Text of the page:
Headlining were The Noise Next Door, an improv act whom we saw at the Leicester Comedy Festival last year when Johnny Vegas just about gave them enough time to do a bit of their act before the theatre had to close up for the night. They seek ideas and examples from the audience and then incorporate them into comedy songs and sketches – and their brains work in amazing ways! They do a great sequence where they speak alternate words (or even letters) in a foreign accent: this time it was Hungarians explaining antidisestablishmentarianism. Constantly surprising us with their improv skills it’s a great act – and I even bought a t-shirt afterwards.
Enormous fun as always. Their next show is on 5th November at the Picturedrome. Should be fireworks!
Back for another Screaming Blue Murder at the Royal and Derngate, with Dan Evans in charge (as usual) with a motley crew of punters some of whom were a bit tricky vis-à-vis letting their Friday night mood take over. But we did have the man who makes the plastic pieces that create the folds in the manufacture of cardboard boxes… so that’s all good then. There was Chris the birthday boy and Robin the front row chap who I could tell was a challenge just from looking at the back of his head. And then there was the lady directly in front of me; more of her later.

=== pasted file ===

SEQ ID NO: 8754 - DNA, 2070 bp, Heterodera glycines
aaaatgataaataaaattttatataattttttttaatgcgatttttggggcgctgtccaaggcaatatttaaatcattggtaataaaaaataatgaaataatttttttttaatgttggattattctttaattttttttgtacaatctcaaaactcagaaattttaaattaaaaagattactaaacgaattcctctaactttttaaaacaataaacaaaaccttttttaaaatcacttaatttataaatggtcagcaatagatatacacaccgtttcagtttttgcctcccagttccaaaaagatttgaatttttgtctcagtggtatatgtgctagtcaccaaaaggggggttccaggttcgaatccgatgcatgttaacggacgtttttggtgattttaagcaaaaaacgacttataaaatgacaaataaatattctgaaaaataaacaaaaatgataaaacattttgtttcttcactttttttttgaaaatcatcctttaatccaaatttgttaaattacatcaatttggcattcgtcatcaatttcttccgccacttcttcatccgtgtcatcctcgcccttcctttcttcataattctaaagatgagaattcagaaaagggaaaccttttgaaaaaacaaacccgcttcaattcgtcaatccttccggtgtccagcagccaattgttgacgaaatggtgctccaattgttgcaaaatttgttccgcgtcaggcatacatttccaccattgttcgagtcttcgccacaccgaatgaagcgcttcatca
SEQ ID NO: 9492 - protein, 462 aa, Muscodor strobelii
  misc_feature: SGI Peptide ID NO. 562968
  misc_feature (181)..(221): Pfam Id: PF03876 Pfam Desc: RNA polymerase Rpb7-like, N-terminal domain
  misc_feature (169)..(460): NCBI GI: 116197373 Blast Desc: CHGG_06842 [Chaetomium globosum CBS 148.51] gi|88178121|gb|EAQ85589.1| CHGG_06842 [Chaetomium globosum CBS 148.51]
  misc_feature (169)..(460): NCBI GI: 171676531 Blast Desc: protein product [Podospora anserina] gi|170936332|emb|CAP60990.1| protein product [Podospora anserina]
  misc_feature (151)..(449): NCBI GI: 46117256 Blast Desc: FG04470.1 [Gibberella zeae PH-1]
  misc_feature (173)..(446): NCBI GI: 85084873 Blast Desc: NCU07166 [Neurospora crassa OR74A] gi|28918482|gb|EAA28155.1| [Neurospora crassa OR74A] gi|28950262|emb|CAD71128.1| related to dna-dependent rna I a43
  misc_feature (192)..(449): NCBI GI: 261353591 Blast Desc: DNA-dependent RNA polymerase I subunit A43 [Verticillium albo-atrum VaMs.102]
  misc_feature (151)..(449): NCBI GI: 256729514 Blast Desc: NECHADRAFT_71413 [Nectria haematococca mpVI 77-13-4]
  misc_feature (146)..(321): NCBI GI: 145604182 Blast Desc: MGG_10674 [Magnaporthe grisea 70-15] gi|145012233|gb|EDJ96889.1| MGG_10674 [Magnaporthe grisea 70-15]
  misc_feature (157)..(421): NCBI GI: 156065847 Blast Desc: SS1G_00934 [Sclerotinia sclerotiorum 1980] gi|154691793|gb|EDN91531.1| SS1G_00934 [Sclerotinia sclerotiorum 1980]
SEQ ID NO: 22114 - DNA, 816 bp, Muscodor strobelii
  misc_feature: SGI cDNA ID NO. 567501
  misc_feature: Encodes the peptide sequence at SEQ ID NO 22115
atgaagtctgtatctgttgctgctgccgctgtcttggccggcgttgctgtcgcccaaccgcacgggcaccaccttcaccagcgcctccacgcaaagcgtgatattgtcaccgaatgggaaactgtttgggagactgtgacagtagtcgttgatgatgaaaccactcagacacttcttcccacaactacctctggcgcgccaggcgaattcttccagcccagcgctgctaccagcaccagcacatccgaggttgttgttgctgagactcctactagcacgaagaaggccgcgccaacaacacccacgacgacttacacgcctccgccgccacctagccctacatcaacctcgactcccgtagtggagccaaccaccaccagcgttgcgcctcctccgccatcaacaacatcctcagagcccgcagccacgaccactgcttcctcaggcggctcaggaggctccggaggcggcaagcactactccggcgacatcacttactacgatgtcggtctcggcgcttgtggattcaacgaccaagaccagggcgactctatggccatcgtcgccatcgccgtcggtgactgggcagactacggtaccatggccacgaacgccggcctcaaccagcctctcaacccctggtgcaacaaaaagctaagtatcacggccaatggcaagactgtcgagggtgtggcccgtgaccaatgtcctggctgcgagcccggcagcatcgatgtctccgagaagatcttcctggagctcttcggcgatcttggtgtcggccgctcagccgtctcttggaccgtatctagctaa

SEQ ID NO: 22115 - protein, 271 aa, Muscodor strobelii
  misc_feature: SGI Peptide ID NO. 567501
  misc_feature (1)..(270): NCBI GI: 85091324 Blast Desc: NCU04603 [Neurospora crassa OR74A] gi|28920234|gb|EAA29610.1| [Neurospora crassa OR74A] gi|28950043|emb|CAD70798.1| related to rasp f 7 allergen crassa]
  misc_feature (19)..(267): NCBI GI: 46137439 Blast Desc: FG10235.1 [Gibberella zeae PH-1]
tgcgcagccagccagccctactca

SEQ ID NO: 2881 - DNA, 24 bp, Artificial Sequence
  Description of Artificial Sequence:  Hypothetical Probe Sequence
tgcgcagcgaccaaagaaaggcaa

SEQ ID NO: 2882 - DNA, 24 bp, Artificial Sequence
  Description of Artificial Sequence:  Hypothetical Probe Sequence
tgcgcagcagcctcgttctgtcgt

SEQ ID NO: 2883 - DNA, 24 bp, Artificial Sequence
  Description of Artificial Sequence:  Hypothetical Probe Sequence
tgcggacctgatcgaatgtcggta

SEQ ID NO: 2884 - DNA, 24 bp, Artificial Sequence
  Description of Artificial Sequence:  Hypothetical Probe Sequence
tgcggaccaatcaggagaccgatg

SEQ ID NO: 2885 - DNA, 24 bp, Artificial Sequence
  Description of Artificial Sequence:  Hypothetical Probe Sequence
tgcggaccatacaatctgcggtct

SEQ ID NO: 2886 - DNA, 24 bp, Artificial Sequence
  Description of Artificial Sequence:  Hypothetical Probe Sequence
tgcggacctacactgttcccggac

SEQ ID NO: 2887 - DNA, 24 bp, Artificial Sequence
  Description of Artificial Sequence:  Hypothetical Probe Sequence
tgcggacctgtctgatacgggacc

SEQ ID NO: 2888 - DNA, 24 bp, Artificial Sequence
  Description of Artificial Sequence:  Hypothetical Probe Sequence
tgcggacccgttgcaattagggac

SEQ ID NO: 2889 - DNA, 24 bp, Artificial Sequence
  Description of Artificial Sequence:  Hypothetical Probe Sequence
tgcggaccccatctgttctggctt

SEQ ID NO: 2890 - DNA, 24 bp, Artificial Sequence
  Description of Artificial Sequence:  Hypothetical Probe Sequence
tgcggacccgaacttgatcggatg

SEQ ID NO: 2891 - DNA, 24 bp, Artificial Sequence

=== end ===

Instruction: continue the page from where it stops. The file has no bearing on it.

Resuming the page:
We’d seen all the acts before but they were all on cracking form; when that happens it’s like choosing your favourite pizza toppings because you don’t always need to try something different. Our first act was Funmbi Omotayo, whom we saw last year at the Edinburgh Fringe. He’s a disarmingly charming, friendly guy who uses his humour to challenge some notions of racism but he does it oh so kindly. I loved his take on how he ought to be a real tough dude, overflowing with intimidating attitude, but it doesn’t work because he can’t stop his coquettish little smile peeping through. He’s got some great material, including changing a tyre with the police, a glance at the Paralympics and his analysis of living in Hackney. He even gave us some political observations; that’s normally a kiss of death in Northampton because for some reason collectively we just don’t care, but he actually hit the mark with that too. Very likeable, very funny, and a great way to start the night.